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    While the state of Virginia has passed what many feel to be the first significant blow against the National Defense Authorization Act of 2012, with HB 1160 , I have a few reservations about what is purported by some to be a victory. My main concern is that the bill has no provisions for Virginia state agencies to interpose themselves between the federal authorities and its citizens. This should be the focus of the legislation and is in keeping with the philosophy of Virginia's two most favored sons, Thomas Jefferson and James Madison (see Simply having the state agents REFRAIN from "assisting..." is different from actually using state resources to protect its citizens. Another concern I have about the legislation is that it applies only when a "member is serving in the Virginia National Guard or the Virginia Defense Force on official state duty".The law doesn't apply to a guardsman or other state militia type that has been called up to "active service". It would be much better if it made it clear that it is illegal for any such member to act on these unconstitutional measures when serving as a reservist for the federal forces. There is also a caveat that lends itself to a bit of wiggle room in Bob McDonnell's substitute bill (not passed) that suggests how the state's executive will enforce this legislation: "The provisions of this section shall not apply to participation by state or local law enforcement or Virginia National Guard or Virginia Defense Force in joint task forces, partnerships, or other similar cooperative agreements with federal law enforcement as long as they are not for the purpose of participating in such detentions under ß 1021 of the National Defense Authorization Act for Fiscal Year 2012." McDonnell seems to suggest that state agencies could participate in NDAA round ups in a support capacity. Instead of being active Gestapo agents, the governor has said that they will be confined to the role of kapos.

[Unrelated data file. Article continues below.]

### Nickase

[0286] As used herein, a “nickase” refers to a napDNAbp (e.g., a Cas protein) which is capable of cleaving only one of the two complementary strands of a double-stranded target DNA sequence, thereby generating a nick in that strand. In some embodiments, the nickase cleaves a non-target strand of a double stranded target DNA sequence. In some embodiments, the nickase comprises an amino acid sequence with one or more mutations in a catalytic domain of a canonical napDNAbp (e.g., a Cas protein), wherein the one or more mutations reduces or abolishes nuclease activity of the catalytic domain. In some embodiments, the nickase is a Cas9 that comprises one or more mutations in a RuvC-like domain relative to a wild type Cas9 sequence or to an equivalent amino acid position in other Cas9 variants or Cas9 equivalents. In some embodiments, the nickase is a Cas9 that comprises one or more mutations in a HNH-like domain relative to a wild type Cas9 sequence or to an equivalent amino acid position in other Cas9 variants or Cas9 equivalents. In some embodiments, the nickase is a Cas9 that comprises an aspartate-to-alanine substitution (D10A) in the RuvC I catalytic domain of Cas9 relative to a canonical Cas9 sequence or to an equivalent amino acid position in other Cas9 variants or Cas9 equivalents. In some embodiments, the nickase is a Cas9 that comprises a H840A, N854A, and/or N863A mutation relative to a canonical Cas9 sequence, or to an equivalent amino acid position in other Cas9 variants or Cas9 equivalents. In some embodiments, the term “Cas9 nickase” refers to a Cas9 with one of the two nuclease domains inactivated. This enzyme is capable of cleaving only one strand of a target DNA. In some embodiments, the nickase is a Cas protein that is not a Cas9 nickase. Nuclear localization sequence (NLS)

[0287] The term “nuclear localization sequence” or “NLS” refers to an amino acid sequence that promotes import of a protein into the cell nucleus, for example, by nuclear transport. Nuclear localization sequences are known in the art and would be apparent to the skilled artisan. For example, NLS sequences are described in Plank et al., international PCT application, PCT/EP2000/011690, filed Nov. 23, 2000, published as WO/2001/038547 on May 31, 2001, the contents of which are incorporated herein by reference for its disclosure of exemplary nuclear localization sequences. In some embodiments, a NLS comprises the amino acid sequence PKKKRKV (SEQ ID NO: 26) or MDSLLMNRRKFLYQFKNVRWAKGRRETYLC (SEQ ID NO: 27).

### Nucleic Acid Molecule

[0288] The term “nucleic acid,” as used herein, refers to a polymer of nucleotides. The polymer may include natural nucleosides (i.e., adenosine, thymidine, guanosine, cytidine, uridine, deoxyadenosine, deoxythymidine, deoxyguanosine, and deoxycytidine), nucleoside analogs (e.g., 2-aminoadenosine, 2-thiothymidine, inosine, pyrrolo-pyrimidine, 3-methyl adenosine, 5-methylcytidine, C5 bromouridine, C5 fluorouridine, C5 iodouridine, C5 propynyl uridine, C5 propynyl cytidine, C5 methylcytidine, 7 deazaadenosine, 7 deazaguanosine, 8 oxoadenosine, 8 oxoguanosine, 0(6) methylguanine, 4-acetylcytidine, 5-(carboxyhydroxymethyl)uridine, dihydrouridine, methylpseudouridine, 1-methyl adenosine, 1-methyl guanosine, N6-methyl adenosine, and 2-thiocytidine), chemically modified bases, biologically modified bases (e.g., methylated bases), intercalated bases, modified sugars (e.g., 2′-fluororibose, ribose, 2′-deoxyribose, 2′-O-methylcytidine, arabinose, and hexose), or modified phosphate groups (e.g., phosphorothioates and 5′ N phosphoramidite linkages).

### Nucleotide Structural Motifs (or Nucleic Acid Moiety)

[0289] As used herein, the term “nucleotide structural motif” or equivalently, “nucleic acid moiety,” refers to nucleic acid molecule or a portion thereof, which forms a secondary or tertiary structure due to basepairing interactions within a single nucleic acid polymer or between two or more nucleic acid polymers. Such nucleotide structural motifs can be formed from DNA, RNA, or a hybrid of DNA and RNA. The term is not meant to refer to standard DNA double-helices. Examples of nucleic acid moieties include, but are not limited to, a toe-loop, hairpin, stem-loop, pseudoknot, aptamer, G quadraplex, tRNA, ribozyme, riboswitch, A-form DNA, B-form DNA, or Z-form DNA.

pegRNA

2 years, 11 months ago on New Law: Virginia will not cooperate with NDAA detention